And in case you missed it, Stephen Ames took the trophy after George McNeill’s putt at the second extra frame caught more lip than a Manny Pacquiao left cross. At least that’s the rumor.

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Watch: Moore does impressions of Tiger, Poults, Bubba

By Grill Room TeamJuly 16, 2018, 10:36 pm
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Johnson begins Open week as 12/1 betting favorite

By Will GrayJuly 16, 2018, 5:15 pm

Dustin Johnson heads into The Open as the top-ranked player in the world, and he's also an understandable betting favorite as he looks to win a second career major.

Johnson has not played since the U.S. Open, where he led by four shots at the halfway point and eventually finished third. He has three top-10 finishes in nine Open appearances, notably a T-2 finish at Royal St. George's in 2011.

Johnson opened as a 12/1 favorite when the Westgate Las Vegas Superbook first published odds for Carnoustie after the U.S. Open, and he remains at that number with the first round just three days away.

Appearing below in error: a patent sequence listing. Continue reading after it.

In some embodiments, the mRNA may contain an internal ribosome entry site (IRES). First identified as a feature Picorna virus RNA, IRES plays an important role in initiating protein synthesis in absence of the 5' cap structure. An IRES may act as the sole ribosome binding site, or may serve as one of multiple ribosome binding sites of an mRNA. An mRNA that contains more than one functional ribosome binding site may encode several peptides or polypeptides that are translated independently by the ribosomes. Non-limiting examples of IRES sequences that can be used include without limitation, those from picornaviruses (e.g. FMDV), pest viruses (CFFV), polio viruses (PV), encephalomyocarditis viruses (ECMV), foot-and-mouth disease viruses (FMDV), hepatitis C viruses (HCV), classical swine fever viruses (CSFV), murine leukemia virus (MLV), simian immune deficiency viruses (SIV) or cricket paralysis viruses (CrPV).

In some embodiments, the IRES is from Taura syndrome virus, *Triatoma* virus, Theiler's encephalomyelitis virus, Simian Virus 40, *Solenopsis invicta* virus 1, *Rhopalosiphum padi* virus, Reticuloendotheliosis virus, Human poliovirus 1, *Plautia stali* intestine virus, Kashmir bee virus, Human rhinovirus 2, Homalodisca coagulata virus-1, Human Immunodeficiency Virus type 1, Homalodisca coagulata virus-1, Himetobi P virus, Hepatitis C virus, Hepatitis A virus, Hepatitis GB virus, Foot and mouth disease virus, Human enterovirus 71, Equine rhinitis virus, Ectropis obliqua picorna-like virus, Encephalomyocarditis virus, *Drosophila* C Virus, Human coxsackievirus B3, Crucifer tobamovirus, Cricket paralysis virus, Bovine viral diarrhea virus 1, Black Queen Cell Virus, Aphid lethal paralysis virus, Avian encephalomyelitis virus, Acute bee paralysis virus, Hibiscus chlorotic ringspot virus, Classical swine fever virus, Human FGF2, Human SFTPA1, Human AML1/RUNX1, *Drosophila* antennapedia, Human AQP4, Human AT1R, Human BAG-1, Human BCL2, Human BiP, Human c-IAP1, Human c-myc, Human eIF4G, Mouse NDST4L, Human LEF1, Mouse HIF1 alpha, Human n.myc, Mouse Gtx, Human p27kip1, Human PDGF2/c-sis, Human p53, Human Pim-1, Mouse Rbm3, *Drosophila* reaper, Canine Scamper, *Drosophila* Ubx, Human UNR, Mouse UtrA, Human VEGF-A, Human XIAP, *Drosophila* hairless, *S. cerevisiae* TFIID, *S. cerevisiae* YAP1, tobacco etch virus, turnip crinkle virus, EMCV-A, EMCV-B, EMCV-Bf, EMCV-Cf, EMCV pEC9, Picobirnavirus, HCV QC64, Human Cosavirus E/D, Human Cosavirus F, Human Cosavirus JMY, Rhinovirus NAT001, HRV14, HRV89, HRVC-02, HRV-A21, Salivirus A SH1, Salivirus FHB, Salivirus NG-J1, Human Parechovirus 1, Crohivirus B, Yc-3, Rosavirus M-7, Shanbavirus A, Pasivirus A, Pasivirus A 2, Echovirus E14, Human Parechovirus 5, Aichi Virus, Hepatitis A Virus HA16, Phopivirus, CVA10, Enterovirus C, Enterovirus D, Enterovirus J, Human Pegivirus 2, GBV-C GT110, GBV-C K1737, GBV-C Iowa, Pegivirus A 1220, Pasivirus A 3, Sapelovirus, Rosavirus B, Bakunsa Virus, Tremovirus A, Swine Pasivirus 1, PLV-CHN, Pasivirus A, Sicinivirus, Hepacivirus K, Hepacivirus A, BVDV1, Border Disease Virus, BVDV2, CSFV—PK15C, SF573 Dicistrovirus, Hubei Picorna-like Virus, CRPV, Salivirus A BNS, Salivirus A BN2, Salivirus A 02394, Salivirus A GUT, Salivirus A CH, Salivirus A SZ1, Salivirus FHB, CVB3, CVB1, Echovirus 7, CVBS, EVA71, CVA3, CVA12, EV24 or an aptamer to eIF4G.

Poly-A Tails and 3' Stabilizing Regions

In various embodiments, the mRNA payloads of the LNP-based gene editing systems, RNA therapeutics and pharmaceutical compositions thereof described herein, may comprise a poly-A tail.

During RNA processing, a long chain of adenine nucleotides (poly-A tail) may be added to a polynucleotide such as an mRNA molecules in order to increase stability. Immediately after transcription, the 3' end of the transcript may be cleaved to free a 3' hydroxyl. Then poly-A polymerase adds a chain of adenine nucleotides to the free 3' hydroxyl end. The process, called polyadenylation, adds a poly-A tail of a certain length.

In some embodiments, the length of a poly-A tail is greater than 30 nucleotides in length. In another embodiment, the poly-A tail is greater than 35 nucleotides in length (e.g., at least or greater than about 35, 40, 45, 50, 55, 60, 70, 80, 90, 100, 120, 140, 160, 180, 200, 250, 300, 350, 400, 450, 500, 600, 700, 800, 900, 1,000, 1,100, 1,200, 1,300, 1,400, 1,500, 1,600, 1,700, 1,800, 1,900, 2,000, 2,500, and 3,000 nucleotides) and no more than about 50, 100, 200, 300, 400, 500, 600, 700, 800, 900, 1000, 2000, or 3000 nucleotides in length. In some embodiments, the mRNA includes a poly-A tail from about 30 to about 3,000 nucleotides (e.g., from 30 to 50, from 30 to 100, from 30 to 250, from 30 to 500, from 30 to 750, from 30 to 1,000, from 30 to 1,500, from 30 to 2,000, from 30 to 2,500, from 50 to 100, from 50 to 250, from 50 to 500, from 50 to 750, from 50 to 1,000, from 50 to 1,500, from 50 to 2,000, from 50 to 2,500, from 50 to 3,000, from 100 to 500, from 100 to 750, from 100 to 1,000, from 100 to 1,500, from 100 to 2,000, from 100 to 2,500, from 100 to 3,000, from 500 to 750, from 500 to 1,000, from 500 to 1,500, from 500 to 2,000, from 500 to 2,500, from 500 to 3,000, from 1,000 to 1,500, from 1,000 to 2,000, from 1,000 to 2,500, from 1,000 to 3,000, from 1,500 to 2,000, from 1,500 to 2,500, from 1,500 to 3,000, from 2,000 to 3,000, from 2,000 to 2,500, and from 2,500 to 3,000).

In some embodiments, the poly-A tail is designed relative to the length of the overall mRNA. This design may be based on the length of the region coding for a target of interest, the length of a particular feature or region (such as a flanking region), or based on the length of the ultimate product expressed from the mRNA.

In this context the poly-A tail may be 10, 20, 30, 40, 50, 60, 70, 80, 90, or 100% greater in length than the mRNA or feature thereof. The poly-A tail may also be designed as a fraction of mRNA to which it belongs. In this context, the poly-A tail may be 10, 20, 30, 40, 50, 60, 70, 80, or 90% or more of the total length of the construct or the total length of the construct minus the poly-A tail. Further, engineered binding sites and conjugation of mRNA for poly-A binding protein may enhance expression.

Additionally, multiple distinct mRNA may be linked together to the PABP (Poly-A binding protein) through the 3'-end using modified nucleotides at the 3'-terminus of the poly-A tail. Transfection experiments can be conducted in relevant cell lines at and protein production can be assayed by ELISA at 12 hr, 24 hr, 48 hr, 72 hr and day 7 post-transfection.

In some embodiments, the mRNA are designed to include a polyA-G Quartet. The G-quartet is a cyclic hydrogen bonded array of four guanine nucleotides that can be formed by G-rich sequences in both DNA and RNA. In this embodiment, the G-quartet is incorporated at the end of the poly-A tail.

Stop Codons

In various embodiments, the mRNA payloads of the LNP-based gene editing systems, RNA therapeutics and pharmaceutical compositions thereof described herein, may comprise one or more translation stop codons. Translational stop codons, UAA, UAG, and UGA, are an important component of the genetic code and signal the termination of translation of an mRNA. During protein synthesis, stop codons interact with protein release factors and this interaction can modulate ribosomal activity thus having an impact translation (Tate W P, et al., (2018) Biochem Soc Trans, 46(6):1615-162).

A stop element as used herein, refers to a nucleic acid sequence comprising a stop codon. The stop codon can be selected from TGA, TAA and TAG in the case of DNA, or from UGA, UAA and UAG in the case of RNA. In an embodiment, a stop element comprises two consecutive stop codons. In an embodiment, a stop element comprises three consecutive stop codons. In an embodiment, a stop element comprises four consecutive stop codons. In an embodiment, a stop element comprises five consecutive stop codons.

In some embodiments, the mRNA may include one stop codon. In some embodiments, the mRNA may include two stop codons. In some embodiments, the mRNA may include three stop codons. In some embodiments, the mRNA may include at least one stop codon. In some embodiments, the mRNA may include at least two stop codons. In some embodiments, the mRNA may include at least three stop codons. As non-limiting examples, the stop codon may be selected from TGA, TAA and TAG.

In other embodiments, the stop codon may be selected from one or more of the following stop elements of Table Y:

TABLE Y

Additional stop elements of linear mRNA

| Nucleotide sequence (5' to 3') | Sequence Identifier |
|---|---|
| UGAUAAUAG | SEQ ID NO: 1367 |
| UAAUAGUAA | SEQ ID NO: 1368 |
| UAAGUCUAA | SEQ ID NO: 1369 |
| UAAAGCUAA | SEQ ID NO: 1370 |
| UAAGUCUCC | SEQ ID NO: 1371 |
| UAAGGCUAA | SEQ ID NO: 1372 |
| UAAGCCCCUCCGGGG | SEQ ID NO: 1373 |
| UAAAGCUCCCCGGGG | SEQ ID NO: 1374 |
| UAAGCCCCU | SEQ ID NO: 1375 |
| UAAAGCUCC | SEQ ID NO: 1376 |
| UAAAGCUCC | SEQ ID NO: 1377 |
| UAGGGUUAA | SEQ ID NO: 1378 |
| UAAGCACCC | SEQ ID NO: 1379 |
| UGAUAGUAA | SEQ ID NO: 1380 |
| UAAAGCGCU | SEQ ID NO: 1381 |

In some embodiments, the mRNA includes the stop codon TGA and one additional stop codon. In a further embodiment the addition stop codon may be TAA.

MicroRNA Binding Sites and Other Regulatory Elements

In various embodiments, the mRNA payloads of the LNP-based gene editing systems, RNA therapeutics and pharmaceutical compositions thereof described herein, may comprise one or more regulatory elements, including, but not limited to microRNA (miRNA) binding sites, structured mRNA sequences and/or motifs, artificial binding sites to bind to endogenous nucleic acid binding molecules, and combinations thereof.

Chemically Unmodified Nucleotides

Here's a look at the latest odds on some of the other top contenders, according to the Westgate:

12/1: Dustin Johnson

16/1: Rory McIlroy, Rickie Fowler, Justin Rose

20/1: Jordan Spieth, Justin Thomas, Tommy Fleetwood, Brooks Koepka, Jon Rahm

25/1: Jason Day, Henrik Stenson, Tiger Woods

30/1: Sergio Garcia, Francesco Molinari, Paul Casey, Alex Noren, Patrick Reed

40/1: Hideki Matsuyama, Marc Leishman, Branden Grace, Tyrrell Hatton

50/1: Phil Mickelson, Ian Poulter, Matthew Fitzpatrick

60/1: Russell Knox, Louis Oosthuizen, Matt Kuchar, Bryson DeChambeau, Zach Johnson, Tony Finau, Bubba Watson

80/1: Lee Westwood, Adam Scott, Patrick Cantlay, Rafael Cabrera-Bello, Thomas Pieters, Xander Schauffele

100/1: Shane Lowry, Webb Simpson, Brandt Snedeker, Ryan Fox, Thorbjorn Olesen

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Woods needs top-10 at Open to qualify for WGC

By Will GrayJuly 16, 2018, 4:34 pm

If Tiger Woods is going to qualify for the final WGC-Bridgestone Invitational at Firestone Country Club, he'll need to do something he hasn't done in five years this week at The Open.

Woods has won eight times at Firestone, including his most recent PGA Tour victory in 2013, and has openly stated that he would like to qualify for the no-cut event in Akron before it shifts to Memphis next year. But in order to do so, Woods will need to move into the top 50 in the Official World Golf Ranking after this week's event at Carnoustie.